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    Choir Advises on Dealing With Nosy, Nagging New Year Relatives

    Viral chorus’ new number resonates with young generation soon to weather onslaught of personal questions at Spring Festival.

    As Chinese New Year approaches, many young people around China are gritting their teeth and bracing themselves for the onslaught of questions from probing relatives that the festival invariably entails: “Have you found a partner yet?” “How much money are you making?” “Why are you still so fat?”

    From viral vlogger Papi Jiang’s spirited mockery of such verbal attacks last year to a 2015 martial arts guide to dealing with meddlesome family members with force, people have long sought satirical ways of venting their frustrations at the annual interrogation about their romantic, financial, and bodily affairs. That, too, is the thinking behind a recent performance by the Shanghai-based Rainbow Chamber Singers, an amateur choir whose incisive commentary on various social issues has won it a substantial following. 

    “A Guide to Saving Yourself During Spring Festival,” performed by the group at the Shanghai Symphony Hall on Jan. 14, has gone viral since a video of the show was posted online Tuesday, garnering over 120,000 views in under seven hours. 

    After an introduction of solemn piano chords, the 45 singers onstage unleash a battery of verbal attacks in various dialects, before breaking into a lyrical conversation between a young man and his aunt:

    Have you found a partner yet?
    Is there anyone you like?
    I’m ugly.
    Well, let me take you matchmaking tomorrow; hurry up and lose some weight. 

    A whole host of other characters follow, including an uncle who implores his younger relative to join his company for a higher salary, as well as Old Wang, a member of the local nouveau riche whom the family wishes their son could be more like.

    “I wanted to present some of my thoughts on this social phenomenon,” said Jin Chengzhi, the choir’s conductor and composer. “Parents care most about your work, love life, or studies,” he told Sixth Tone. “Each time I come up against these sudden onslaughts of questions, I always have a sense of panic.”

    But no matter how disheartening the experience can be, Jin believes that humor is the best way to approach the subject. “I don’t want to take too serious a tone and tell people that this is the reality,” he said. “I’d rather be more playful. That’s what Mozart attempted to do many years ago.”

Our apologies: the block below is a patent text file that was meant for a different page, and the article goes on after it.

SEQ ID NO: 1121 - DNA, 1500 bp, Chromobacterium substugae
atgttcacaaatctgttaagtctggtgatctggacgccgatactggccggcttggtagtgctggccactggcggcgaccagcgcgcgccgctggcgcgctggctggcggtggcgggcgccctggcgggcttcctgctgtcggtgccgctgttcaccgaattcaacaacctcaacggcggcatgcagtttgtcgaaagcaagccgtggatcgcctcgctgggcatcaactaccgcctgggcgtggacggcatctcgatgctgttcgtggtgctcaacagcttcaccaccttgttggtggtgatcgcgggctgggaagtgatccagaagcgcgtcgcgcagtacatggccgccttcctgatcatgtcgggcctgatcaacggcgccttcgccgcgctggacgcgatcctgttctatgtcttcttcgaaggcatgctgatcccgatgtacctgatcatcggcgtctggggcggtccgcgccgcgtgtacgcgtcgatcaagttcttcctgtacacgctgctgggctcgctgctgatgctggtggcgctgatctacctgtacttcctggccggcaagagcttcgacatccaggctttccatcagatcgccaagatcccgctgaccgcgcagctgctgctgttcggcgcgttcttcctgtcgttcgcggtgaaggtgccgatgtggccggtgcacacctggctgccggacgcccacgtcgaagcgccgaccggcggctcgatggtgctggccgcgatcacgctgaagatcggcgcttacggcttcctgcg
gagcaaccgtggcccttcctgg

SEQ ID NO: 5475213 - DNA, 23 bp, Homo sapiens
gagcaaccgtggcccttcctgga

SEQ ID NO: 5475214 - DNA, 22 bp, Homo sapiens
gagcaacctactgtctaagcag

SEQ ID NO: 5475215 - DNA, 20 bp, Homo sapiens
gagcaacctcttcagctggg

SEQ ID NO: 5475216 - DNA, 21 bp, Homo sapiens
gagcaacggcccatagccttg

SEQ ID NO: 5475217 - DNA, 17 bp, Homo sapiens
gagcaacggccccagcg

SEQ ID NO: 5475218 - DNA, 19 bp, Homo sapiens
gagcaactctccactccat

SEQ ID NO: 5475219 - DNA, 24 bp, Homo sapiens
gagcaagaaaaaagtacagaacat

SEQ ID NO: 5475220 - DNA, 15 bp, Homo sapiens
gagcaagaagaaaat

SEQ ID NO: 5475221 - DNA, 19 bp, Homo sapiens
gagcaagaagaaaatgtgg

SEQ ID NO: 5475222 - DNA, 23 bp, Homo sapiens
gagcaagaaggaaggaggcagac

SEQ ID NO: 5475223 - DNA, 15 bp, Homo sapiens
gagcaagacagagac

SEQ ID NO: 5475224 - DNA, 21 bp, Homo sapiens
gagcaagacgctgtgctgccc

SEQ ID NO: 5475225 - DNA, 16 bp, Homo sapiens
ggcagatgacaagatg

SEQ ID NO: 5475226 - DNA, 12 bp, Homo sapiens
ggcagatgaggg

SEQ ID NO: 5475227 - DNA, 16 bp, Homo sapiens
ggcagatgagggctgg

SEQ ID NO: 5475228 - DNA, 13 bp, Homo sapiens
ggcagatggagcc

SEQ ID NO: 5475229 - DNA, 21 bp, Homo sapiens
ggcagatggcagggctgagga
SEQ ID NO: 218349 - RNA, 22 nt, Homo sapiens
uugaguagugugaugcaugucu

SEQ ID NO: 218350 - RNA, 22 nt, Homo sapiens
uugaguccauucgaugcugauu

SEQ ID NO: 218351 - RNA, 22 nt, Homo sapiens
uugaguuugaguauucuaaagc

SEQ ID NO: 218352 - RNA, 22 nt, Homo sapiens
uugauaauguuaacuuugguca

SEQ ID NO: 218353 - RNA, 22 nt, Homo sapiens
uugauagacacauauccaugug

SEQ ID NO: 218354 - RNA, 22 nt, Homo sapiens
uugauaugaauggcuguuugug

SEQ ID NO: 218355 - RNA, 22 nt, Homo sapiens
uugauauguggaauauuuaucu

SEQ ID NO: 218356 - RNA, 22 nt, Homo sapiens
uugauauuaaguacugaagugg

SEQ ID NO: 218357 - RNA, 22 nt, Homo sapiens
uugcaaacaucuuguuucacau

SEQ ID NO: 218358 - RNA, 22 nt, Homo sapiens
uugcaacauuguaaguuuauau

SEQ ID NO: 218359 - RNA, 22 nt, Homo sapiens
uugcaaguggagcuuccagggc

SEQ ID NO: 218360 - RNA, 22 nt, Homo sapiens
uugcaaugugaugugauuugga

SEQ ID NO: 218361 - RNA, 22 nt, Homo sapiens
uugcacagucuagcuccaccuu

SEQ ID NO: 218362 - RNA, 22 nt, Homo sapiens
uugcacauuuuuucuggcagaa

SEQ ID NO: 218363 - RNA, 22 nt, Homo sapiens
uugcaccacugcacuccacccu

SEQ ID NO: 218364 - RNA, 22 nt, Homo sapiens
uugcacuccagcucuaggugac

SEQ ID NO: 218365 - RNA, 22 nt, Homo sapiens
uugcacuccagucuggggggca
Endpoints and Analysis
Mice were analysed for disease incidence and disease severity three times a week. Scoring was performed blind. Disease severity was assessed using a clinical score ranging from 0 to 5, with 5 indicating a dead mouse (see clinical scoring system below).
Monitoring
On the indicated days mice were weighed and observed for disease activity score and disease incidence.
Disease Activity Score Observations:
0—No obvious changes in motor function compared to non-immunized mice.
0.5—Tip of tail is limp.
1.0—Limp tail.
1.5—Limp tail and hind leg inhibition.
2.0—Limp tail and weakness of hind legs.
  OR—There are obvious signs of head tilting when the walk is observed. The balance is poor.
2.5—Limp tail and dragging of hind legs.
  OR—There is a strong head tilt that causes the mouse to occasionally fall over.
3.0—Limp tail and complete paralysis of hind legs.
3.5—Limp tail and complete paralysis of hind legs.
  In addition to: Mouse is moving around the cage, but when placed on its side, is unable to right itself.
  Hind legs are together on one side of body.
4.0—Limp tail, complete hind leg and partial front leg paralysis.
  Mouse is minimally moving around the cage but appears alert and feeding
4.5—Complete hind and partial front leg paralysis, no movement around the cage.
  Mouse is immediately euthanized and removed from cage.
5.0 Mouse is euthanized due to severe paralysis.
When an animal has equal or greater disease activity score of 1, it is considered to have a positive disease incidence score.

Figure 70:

“I like the fact that these people are making good music out of their mundane office or student lives,” said Wang Xiaoting, director of programming at the Shanghai Symphony Orchestra. But the 35-year-old admitted that it was both “pleasing and annoying” that a comedic song was garnering so much attention. “The front man of the chorus seems to have grasped a formula that is a bit predictable to me,” he said.
    The recipe of a catchy melody, ridiculous characterizations, and lyrics peppered with internet slang certainly does seem to go over well with audiences. Like the choir’s 2016 song depicting the plight of China’s overworked labor force, the latest tune appears to have struck a chord with listeners. “This is the reason we ask why we have to go home,” commented one net user under Tuesday’s video. “I really cried watching this,” another user wrote. “It’s so difficult going home. I don’t want things arranged on my behalf.”

    The song ends on a positive, hopeful note of resistance, with the protagonists finally holding their own and asserting that there are more important things in life than financial and material accomplishment. “Family reunion is what it’s all about,” they sing. “Let’s play mahjong until daybreak.”

    “The message I wanted to share is that home is a place brimming with love,” said Jin. “It isn’t an infinite number of questions that make up a family.”

    (Header image: A screenshot from the video shows the Rainbow Chamber Singers performing ‘A Guide to Saving Yourself During Spring Festival’ onstage. From Weibo)